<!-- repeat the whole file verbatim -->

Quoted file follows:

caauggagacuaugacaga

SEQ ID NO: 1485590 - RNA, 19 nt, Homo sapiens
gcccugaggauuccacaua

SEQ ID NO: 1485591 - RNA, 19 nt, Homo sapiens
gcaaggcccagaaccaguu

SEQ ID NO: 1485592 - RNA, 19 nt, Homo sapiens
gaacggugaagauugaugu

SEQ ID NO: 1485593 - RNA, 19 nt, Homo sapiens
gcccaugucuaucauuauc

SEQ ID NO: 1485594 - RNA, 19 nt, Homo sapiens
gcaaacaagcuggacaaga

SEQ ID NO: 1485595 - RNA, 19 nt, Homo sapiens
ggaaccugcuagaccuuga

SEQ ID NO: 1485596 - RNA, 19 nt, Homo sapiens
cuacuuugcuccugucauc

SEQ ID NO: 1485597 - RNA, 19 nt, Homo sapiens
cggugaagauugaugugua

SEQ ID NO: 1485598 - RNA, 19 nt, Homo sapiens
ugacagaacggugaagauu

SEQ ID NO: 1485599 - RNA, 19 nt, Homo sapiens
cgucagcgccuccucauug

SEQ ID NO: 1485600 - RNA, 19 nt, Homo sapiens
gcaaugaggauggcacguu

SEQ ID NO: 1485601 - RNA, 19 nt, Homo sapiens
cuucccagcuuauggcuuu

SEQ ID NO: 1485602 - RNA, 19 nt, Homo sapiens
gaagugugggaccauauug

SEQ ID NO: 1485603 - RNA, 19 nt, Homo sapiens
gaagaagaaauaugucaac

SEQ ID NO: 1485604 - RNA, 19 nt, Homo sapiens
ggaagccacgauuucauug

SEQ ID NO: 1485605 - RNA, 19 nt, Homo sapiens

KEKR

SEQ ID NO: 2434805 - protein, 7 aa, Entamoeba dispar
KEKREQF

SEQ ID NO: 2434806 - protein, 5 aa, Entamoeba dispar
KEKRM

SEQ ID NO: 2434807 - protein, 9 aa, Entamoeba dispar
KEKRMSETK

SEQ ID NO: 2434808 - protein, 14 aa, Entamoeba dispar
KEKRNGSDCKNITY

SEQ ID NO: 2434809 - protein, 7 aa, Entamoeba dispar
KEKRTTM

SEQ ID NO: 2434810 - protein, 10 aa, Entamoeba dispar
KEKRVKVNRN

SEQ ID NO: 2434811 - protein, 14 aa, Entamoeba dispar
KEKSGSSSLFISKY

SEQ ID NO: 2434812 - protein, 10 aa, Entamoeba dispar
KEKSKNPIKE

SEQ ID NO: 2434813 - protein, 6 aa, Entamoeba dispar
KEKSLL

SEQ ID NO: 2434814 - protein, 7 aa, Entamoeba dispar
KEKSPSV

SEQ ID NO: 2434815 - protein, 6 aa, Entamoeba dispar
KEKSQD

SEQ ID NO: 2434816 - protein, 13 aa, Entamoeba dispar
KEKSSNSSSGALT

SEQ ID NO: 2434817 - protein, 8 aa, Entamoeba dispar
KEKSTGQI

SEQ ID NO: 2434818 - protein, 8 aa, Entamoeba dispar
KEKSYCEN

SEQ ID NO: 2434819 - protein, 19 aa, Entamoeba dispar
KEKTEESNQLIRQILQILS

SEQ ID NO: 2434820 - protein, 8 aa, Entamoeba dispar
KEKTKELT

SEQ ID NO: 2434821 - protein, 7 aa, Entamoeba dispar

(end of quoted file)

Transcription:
caauggagacuaugacaga

SEQ ID NO: 1485590 - RNA, 19 nt, Homo sapiens
gcccugaggauuccacaua

SEQ ID NO: 1485591 - RNA, 19 nt, Homo sapiens
gcaaggcccagaaccaguu

SEQ ID NO: 1485592 - RNA, 19 nt, Homo sapiens
gaacggugaagauugaugu

SEQ ID NO: 1485593 - RNA, 19 nt, Homo sapiens
gcccaugucuaucauuauc

SEQ ID NO: 1485594 - RNA, 19 nt, Homo sapiens
gcaaacaagcuggacaaga

SEQ ID NO: 1485595 - RNA, 19 nt, Homo sapiens
ggaaccugcuagaccuuga

SEQ ID NO: 1485596 - RNA, 19 nt, Homo sapiens
cuacuuugcuccugucauc

SEQ ID NO: 1485597 - RNA, 19 nt, Homo sapiens
cggugaagauugaugugua

SEQ ID NO: 1485598 - RNA, 19 nt, Homo sapiens
ugacagaacggugaagauu

SEQ ID NO: 1485599 - RNA, 19 nt, Homo sapiens
cgucagcgccuccucauug

SEQ ID NO: 1485600 - RNA, 19 nt, Homo sapiens
gcaaugaggauggcacguu

SEQ ID NO: 1485601 - RNA, 19 nt, Homo sapiens
cuucccagcuuauggcuuu

SEQ ID NO: 1485602 - RNA, 19 nt, Homo sapiens
gaagugugggaccauauug

SEQ ID NO: 1485603 - RNA, 19 nt, Homo sapiens
gaagaagaaauaugucaac

SEQ ID NO: 1485604 - RNA, 19 nt, Homo sapiens
ggaagccacgauuucauug

SEQ ID NO: 1485605 - RNA, 19 nt, Homo sapiens

KEKR

SEQ ID NO: 2434805 - protein, 7 aa, Entamoeba dispar
KEKREQF

SEQ ID NO: 2434806 - protein, 5 aa, Entamoeba dispar
KEKRM

SEQ ID NO: 2434807 - protein, 9 aa, Entamoeba dispar
KEKRMSETK

SEQ ID NO: 2434808 - protein, 14 aa, Entamoeba dispar
KEKRNGSDCKNITY

SEQ ID NO: 2434809 - protein, 7 aa, Entamoeba dispar
KEKRTTM

SEQ ID NO: 2434810 - protein, 10 aa, Entamoeba dispar
KEKRVKVNRN

SEQ ID NO: 2434811 - protein, 14 aa, Entamoeba dispar
KEKSGSSSLFISKY

SEQ ID NO: 2434812 - protein, 10 aa, Entamoeba dispar
KEKSKNPIKE

SEQ ID NO: 2434813 - protein, 6 aa, Entamoeba dispar
KEKSLL

SEQ ID NO: 2434814 - protein, 7 aa, Entamoeba dispar
KEKSPSV

SEQ ID NO: 2434815 - protein, 6 aa, Entamoeba dispar
KEKSQD

SEQ ID NO: 2434816 - protein, 13 aa, Entamoeba dispar
KEKSSNSSSGALT

SEQ ID NO: 2434817 - protein, 8 aa, Entamoeba dispar
KEKSTGQI

SEQ ID NO: 2434818 - protein, 8 aa, Entamoeba dispar
KEKSYCEN

SEQ ID NO: 2434819 - protein, 19 aa, Entamoeba dispar
KEKTEESNQLIRQILQILS

SEQ ID NO: 2434820 - protein, 8 aa, Entamoeba dispar
KEKTKELT

SEQ ID NO: 2434821 - protein, 7 aa, Entamoeba dispar